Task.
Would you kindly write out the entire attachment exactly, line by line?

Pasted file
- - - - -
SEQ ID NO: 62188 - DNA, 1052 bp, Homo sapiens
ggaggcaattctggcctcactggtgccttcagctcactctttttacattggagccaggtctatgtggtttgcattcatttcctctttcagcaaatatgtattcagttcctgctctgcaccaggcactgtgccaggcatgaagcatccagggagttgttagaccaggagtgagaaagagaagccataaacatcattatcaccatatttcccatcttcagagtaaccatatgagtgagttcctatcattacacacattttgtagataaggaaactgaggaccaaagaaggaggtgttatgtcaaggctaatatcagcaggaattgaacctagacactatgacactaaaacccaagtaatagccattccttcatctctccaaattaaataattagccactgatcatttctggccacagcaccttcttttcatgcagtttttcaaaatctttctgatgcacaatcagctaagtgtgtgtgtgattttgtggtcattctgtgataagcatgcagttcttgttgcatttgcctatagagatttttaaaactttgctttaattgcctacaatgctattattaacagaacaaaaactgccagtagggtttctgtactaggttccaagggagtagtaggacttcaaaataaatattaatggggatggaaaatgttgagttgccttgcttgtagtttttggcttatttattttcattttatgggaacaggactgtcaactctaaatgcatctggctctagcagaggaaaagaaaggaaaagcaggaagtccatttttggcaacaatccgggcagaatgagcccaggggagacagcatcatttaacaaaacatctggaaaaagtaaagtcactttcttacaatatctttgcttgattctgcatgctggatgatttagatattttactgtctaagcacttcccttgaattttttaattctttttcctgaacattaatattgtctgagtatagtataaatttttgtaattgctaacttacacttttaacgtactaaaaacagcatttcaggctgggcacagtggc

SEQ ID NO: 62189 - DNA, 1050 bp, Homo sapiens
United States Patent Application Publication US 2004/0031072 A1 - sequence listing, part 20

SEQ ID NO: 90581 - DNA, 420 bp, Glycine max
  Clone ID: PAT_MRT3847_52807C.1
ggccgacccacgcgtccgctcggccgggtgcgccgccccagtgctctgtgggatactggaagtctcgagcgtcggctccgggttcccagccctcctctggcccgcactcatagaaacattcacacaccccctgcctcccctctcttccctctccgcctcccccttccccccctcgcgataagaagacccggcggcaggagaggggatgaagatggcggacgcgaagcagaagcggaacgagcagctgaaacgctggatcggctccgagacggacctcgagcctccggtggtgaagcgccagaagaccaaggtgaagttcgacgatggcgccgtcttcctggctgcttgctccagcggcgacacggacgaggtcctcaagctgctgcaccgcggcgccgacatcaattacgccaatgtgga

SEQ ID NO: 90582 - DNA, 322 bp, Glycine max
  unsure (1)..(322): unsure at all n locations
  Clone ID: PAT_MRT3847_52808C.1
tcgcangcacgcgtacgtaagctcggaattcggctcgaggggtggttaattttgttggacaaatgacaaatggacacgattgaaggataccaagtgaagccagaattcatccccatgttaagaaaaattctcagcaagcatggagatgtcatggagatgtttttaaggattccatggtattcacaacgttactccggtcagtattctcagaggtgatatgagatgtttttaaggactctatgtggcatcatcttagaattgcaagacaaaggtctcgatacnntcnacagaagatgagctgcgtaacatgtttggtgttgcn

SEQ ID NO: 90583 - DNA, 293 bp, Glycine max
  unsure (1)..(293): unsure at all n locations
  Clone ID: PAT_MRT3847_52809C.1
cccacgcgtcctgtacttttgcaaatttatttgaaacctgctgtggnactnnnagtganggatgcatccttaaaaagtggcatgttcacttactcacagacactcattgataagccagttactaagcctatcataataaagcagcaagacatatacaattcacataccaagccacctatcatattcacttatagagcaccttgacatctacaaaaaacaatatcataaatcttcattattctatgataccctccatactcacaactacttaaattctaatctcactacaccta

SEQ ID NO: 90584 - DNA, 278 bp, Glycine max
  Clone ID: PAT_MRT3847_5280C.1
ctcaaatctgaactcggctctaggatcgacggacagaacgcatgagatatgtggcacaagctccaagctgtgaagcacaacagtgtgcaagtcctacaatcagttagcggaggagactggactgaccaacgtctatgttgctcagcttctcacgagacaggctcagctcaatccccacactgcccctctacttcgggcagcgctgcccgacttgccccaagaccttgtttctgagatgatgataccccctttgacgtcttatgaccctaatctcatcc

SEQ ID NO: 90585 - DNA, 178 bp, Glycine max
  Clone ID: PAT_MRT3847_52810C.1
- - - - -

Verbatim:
SEQ ID NO: 62188 - DNA, 1052 bp, Homo sapiens
ggaggcaattctggcctcactggtgccttcagctcactctttttacattggagccaggtctatgtggtttgcattcatttcctctttcagcaaatatgtattcagttcctgctctgcaccaggcactgtgccaggcatgaagcatccagggagttgttagaccaggagtgagaaagagaagccataaacatcattatcaccatatttcccatcttcagagtaaccatatgagtgagttcctatcattacacacattttgtagataaggaaactgaggaccaaagaaggaggtgttatgtcaaggctaatatcagcaggaattgaacctagacactatgacactaaaacccaagtaatagccattccttcatctctccaaattaaataattagccactgatcatttctggccacagcaccttcttttcatgcagtttttcaaaatctttctgatgcacaatcagctaagtgtgtgtgtgattttgtggtcattctgtgataagcatgcagttcttgttgcatttgcctatagagatttttaaaactttgctttaattgcctacaatgctattattaacagaacaaaaactgccagtagggtttctgtactaggttccaagggagtagtaggacttcaaaataaatattaatggggatggaaaatgttgagttgccttgcttgtagtttttggcttatttattttcattttatgggaacaggactgtcaactctaaatgcatctggctctagcagaggaaaagaaaggaaaagcaggaagtccatttttggcaacaatccgggcagaatgagcccaggggagacagcatcatttaacaaaacatctggaaaaagtaaagtcactttcttacaatatctttgcttgattctgcatgctggatgatttagatattttactgtctaagcacttcccttgaattttttaattctttttcctgaacattaatattgtctgagtatagtataaatttttgtaattgctaacttacacttttaacgtactaaaaacagcatttcaggctgggcacagtggc

SEQ ID NO: 62189 - DNA, 1050 bp, Homo sapiens
United States Patent Application Publication US 2004/0031072 A1 - sequence listing, part 20

SEQ ID NO: 90581 - DNA, 420 bp, Glycine max
  Clone ID: PAT_MRT3847_52807C.1
ggccgacccacgcgtccgctcggccgggtgcgccgccccagtgctctgtgggatactggaagtctcgagcgtcggctccgggttcccagccctcctctggcccgcactcatagaaacattcacacaccccctgcctcccctctcttccctctccgcctcccccttccccccctcgcgataagaagacccggcggcaggagaggggatgaagatggcggacgcgaagcagaagcggaacgagcagctgaaacgctggatcggctccgagacggacctcgagcctccggtggtgaagcgccagaagaccaaggtgaagttcgacgatggcgccgtcttcctggctgcttgctccagcggcgacacggacgaggtcctcaagctgctgcaccgcggcgccgacatcaattacgccaatgtgga

SEQ ID NO: 90582 - DNA, 322 bp, Glycine max
  unsure (1)..(322): unsure at all n locations
  Clone ID: PAT_MRT3847_52808C.1
tcgcangcacgcgtacgtaagctcggaattcggctcgaggggtggttaattttgttggacaaatgacaaatggacacgattgaaggataccaagtgaagccagaattcatccccatgttaagaaaaattctcagcaagcatggagatgtcatggagatgtttttaaggattccatggtattcacaacgttactccggtcagtattctcagaggtgatatgagatgtttttaaggactctatgtggcatcatcttagaattgcaagacaaaggtctcgatacnntcnacagaagatgagctgcgtaacatgtttggtgttgcn

SEQ ID NO: 90583 - DNA, 293 bp, Glycine max
  unsure (1)..(293): unsure at all n locations
  Clone ID: PAT_MRT3847_52809C.1
cccacgcgtcctgtacttttgcaaatttatttgaaacctgctgtggnactnnnagtganggatgcatccttaaaaagtggcatgttcacttactcacagacactcattgataagccagttactaagcctatcataataaagcagcaagacatatacaattcacataccaagccacctatcatattcacttatagagcaccttgacatctacaaaaaacaatatcataaatcttcattattctatgataccctccatactcacaactacttaaattctaatctcactacaccta

SEQ ID NO: 90584 - DNA, 278 bp, Glycine max
  Clone ID: PAT_MRT3847_5280C.1
ctcaaatctgaactcggctctaggatcgacggacagaacgcatgagatatgtggcacaagctccaagctgtgaagcacaacagtgtgcaagtcctacaatcagttagcggaggagactggactgaccaacgtctatgttgctcagcttctcacgagacaggctcagctcaatccccacactgcccctctacttcgggcagcgctgcccgacttgccccaagaccttgtttctgagatgatgataccccctttgacgtcttatgaccctaatctcatcc

SEQ ID NO: 90585 - DNA, 178 bp, Glycine max
  Clone ID: PAT_MRT3847_52810C.1